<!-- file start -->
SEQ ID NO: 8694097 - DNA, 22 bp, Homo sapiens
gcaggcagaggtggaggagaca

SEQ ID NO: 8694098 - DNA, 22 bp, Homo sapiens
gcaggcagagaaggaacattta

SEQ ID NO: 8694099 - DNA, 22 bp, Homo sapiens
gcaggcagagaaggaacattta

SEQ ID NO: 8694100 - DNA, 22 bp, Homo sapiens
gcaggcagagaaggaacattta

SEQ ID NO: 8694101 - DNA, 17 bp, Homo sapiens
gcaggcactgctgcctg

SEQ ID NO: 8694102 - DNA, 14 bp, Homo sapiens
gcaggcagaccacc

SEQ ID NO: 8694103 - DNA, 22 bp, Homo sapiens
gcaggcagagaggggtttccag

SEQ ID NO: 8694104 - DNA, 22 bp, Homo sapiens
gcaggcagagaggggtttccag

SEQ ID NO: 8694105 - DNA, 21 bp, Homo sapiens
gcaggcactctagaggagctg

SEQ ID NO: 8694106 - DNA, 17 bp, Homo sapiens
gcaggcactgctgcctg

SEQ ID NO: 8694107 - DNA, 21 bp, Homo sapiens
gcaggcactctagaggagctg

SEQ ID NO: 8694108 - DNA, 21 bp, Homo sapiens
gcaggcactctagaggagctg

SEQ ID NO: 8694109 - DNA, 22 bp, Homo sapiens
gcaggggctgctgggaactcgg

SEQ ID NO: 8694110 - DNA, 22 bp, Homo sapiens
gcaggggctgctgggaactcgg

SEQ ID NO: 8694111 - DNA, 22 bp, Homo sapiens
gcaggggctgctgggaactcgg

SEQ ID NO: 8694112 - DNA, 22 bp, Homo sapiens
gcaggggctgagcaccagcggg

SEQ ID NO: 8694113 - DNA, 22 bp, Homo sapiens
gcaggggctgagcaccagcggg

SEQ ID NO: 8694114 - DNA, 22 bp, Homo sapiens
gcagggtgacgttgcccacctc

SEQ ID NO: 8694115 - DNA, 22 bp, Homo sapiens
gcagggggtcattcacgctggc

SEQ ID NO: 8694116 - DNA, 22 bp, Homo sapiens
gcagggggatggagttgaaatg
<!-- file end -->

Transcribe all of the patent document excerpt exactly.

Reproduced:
SEQ ID NO: 8694097 - DNA, 22 bp, Homo sapiens
gcaggcagaggtggaggagaca

SEQ ID NO: 8694098 - DNA, 22 bp, Homo sapiens
gcaggcagagaaggaacattta

SEQ ID NO: 8694099 - DNA, 22 bp, Homo sapiens
gcaggcagagaaggaacattta

SEQ ID NO: 8694100 - DNA, 22 bp, Homo sapiens
gcaggcagagaaggaacattta

SEQ ID NO: 8694101 - DNA, 17 bp, Homo sapiens
gcaggcactgctgcctg

SEQ ID NO: 8694102 - DNA, 14 bp, Homo sapiens
gcaggcagaccacc

SEQ ID NO: 8694103 - DNA, 22 bp, Homo sapiens
gcaggcagagaggggtttccag

SEQ ID NO: 8694104 - DNA, 22 bp, Homo sapiens
gcaggcagagaggggtttccag

SEQ ID NO: 8694105 - DNA, 21 bp, Homo sapiens
gcaggcactctagaggagctg

SEQ ID NO: 8694106 - DNA, 17 bp, Homo sapiens
gcaggcactgctgcctg

SEQ ID NO: 8694107 - DNA, 21 bp, Homo sapiens
gcaggcactctagaggagctg

SEQ ID NO: 8694108 - DNA, 21 bp, Homo sapiens
gcaggcactctagaggagctg

SEQ ID NO: 8694109 - DNA, 22 bp, Homo sapiens
gcaggggctgctgggaactcgg

SEQ ID NO: 8694110 - DNA, 22 bp, Homo sapiens
gcaggggctgctgggaactcgg

SEQ ID NO: 8694111 - DNA, 22 bp, Homo sapiens
gcaggggctgctgggaactcgg

SEQ ID NO: 8694112 - DNA, 22 bp, Homo sapiens
gcaggggctgagcaccagcggg

SEQ ID NO: 8694113 - DNA, 22 bp, Homo sapiens
gcaggggctgagcaccagcggg

SEQ ID NO: 8694114 - DNA, 22 bp, Homo sapiens
gcagggtgacgttgcccacctc

SEQ ID NO: 8694115 - DNA, 22 bp, Homo sapiens
gcagggggtcattcacgctggc

SEQ ID NO: 8694116 - DNA, 22 bp, Homo sapiens
gcagggggatggagttgaaatg